Just north of the ancient Buddhist town of Boudhanath is the Kopan hill, which rises up out of the terraced fields of the Kathmandu valley and is visible for miles. Dominated by a magnificent bodhi tree . Kopan Gumba is one of the most popular monasteries of Tibetan Buddhism. Each year a large number of foreigners arrive here to study Buddhism and meditation. Kopan Monastery was founded by Lama Thubten Yeshe who died in 1984. Interestingly, a small Spanish boy named Osel Torres became his successor after he was declared a reincarnation of the great Lama. However, the reincarnation does not reside at Kopan anymore.
The spiritual program at Kopan offers introductory level courses in what is known as the Discover Buddhism series, dealing with the basic principles of Tibetan Buddhism and meditation. The series known as the Next Step series, leads on to a deeper exploration of these principles.
Courses deal with Mind Training, Karma, Death and Dying, Bodhicitta, and more. There are 5-day and 10-day courses and a month long course on meditation. There are also short courses on Tibetan medicine, Thangka painting and the very popular 10-day residential courses in Buddhist psychology and philosophy. Courses vary in length and some students spend months at the monastery devoted to their studies. In the past many were housed in tents due to lack of space but now there are enough rooms to accommodate them.
There is a sealed road all the way to the monastery but it is also a pleasant hike from Boudha. People from many different Nepali ethnic groups also join the monastery at a very young age to become monks. These young lads get formal education in math, science and other subjects just as their contemporaries in local schools. The kids are mostly from families who traditionally send one child to become a monk or a nun.
Kapan Monastery was once open to visitors all week but with too many visitors arriving, entrance has been restricted. There is a library and a large garden that is lighted up by solar lights in the evenings. A proper restaurant with great views of Kathmandu down below is open to all and serves good meals. During special pujas, large crowds of devotees climb up to the monastery to receive blessings and pay homage.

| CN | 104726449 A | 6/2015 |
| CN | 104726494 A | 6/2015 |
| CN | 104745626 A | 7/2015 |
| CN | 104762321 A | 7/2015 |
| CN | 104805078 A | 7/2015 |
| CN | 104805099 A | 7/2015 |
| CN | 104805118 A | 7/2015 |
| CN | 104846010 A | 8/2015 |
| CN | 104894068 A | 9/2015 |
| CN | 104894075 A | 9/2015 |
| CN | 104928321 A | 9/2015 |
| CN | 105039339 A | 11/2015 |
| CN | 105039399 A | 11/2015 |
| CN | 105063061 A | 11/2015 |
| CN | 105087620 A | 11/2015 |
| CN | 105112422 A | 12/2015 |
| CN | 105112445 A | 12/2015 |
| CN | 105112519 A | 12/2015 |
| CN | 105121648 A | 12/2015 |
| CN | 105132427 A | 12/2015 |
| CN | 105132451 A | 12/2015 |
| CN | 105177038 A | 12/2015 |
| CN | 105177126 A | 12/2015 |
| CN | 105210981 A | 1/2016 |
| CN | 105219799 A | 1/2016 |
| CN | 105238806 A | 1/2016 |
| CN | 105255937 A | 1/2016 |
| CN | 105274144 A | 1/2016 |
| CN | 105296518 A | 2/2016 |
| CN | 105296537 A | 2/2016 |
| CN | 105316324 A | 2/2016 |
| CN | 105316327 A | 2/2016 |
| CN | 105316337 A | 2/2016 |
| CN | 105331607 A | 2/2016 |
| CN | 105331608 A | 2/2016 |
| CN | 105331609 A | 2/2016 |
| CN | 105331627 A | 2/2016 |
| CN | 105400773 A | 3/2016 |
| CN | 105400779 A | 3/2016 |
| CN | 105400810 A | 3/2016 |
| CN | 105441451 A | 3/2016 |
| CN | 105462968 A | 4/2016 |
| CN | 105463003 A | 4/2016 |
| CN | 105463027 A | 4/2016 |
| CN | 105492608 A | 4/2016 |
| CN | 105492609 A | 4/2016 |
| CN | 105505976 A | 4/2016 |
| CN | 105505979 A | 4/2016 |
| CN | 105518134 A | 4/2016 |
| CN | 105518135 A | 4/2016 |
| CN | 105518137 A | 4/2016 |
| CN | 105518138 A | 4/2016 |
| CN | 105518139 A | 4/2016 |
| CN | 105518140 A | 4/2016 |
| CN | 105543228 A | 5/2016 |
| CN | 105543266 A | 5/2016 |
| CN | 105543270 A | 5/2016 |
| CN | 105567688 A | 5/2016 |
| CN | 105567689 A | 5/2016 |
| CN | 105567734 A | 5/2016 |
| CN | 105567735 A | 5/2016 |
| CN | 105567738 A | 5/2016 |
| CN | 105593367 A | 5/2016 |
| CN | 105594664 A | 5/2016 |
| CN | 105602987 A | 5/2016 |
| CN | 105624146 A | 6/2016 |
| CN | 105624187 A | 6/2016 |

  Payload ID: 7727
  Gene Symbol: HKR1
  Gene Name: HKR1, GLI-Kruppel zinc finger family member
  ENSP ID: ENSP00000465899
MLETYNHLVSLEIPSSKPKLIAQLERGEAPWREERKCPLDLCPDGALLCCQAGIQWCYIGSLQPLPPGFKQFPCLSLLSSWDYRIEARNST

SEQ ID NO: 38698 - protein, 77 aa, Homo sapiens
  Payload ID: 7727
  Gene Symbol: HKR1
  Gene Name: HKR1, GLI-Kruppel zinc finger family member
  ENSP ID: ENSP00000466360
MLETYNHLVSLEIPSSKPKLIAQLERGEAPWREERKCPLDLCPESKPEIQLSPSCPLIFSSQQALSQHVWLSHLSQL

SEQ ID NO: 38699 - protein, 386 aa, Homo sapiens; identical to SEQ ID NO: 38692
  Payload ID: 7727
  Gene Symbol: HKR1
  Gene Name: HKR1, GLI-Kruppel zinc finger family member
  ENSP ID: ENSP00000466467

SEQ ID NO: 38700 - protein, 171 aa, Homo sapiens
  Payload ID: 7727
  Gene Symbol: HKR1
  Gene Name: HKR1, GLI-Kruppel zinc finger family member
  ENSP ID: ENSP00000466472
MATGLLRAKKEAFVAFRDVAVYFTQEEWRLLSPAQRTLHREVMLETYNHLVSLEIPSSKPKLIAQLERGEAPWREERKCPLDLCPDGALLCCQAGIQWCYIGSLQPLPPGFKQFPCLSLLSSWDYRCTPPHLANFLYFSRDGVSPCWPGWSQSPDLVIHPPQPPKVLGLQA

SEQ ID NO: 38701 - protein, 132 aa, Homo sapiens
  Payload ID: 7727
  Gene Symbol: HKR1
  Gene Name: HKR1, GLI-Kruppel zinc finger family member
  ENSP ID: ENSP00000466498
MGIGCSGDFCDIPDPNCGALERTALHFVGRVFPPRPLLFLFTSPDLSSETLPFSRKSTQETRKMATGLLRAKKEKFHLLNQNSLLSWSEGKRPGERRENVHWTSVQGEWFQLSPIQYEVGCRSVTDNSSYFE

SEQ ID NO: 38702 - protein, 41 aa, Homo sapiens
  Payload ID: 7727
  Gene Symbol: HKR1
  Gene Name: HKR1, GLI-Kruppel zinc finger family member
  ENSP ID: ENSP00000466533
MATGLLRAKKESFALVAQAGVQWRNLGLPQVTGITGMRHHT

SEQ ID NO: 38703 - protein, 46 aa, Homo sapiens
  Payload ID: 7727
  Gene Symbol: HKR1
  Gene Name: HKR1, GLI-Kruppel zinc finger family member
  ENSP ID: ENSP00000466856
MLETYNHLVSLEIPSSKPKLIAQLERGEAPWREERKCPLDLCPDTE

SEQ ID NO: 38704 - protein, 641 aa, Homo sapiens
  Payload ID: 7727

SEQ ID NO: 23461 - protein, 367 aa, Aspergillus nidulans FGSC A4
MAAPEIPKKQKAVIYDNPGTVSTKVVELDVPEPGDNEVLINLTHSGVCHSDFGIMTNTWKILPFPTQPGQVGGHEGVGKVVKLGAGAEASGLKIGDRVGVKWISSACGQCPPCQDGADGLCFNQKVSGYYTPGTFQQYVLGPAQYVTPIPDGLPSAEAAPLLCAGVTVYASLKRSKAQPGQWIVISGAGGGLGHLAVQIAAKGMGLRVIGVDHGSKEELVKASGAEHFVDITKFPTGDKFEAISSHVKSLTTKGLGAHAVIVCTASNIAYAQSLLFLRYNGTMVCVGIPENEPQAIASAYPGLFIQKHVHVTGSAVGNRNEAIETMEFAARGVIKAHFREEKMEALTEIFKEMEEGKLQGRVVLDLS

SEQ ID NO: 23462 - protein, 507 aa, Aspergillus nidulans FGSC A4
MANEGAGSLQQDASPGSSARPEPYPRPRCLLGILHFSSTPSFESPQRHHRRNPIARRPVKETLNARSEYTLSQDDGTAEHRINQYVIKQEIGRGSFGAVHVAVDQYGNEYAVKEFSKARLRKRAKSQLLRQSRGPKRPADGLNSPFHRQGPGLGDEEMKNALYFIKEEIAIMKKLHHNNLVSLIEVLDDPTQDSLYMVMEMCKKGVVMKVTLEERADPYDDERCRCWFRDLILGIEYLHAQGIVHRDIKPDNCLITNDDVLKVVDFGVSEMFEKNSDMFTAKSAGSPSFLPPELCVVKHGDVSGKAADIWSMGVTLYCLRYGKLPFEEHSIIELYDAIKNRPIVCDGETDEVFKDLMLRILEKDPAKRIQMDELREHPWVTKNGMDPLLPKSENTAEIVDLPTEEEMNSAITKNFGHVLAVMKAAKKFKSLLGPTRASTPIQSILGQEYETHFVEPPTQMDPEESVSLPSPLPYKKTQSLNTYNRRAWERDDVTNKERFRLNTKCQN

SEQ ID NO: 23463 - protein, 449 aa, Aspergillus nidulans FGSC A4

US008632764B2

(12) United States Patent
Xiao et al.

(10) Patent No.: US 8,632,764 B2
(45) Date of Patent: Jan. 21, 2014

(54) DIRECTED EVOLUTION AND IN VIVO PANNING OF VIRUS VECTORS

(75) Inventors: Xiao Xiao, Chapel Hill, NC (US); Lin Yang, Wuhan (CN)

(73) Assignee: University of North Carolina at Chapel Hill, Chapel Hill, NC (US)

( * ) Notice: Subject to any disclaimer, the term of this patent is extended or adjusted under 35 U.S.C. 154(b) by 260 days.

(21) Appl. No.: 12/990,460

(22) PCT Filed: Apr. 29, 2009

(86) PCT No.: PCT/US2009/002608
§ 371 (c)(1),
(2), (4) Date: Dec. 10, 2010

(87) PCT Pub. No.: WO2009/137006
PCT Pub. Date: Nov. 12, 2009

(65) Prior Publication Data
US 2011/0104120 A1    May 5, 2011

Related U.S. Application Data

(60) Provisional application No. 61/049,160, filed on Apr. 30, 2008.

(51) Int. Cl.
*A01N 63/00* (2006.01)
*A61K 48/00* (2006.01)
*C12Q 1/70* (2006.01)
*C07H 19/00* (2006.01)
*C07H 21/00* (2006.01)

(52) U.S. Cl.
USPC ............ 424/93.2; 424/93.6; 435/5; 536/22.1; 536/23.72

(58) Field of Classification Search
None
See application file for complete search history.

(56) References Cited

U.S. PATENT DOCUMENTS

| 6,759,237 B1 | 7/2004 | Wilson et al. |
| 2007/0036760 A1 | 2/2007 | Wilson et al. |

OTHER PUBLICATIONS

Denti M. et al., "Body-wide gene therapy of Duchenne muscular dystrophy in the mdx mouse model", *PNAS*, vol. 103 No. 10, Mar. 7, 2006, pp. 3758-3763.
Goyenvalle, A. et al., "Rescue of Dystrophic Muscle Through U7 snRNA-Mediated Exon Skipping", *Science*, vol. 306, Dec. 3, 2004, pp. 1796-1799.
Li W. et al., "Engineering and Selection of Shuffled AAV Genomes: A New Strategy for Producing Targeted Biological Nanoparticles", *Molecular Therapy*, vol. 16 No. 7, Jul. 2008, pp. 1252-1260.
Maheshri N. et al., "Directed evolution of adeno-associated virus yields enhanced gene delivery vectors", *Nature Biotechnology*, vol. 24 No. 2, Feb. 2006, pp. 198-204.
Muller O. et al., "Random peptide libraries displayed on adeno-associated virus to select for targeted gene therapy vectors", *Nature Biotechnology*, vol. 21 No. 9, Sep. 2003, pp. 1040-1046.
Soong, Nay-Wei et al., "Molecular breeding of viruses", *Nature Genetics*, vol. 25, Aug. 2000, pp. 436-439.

Having reached Kapan Monastery, you might as well walk along the ridge and visit the Phulhari Monastery which sits on a hill higher than Kopan. The hike takes less than an hour. In between the two is the Vajrayan Monastery. Phulhari is worth a visit for the amazing Thangka paintings that adorn the entire facade and the interiors of the halls. The building was designed by an American architect /Buddhist monk who has combined the best of eastern and western architecture. Even the paintings lean towards more pastel colors rather than the bright colors usually associated with Tibetan Buddhism.
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Getting To Kopan Monastery
Kopan is situated on the outskirts of Kathmandu, near Boudhanath (also called Boudha). It is about 15 km from the city, and about 5 km from the airport. The road to the monastery is accessible all year round.
The gate of the monastery is closed from 5 pm onwards. Please schedule your arrival to coincide with the opening hours of the office (9 am -11.30 am, 1pm-4.30 pm).
If your flight arrives after 5 pm, we recommend that you stay overnight in a hotel and come to Kopan the next morning.
Coming From the Airport
Take a taxi to Kopan, which is near Boudhanath. Ask for Kopan Gompa. Best to book a taxi from the Prepaid counter just outside the arrival hall. The cost from the airport is approximately 1000 rupees. (http://prepaidtaxinepal.com/index.php/location)
You can also take any taxi outside the arrival hall, if you don’t mind bargaining for the price.
Coming from Kathmandu
You can take a taxi all the way up to Kopan – ask for Kopan Gompa. From Thamel, the cost is around to 500 rupees. You can try to bargain for lower prices. Taxis are plentiful in Kathmandu.
There are public buses going from Ratna Park directly to Kapan village. From there it is a 10 minute walk to the monastery, all the way uphill.
Coming from Boudhanath
You can walk from Boudhanath, a 40 minute walk approximately. There are no signposts, but you will be able to get directions by asking for Kopan Gompa.
A taxi from Boudhanath will be around 300 – 350 rupees.
There are three main routes to Kopan Monastery. The most enjoyable walk is from Boudha. Walking from the east side of the stupa, the road goes through Phulbari and meets the road coming from Chuchepati. Then it’s downhill and the monastery comes into view. You then climb up towards it. The other route is through Chabahil turning left at Chuchepati where one can see a statue of Pasang Lhamu, the first Nepali female to climb Everest. The third route follows the Ring Road after Chabahil and goes past the Gopi Krishna Radha Cinema Hall. There are buses up to the base of the hill on top of which the monastery is perched. Taxis can be hired from the city. Other alternatives are to hire a motorcycle, mountain bike or just simply walk all the way.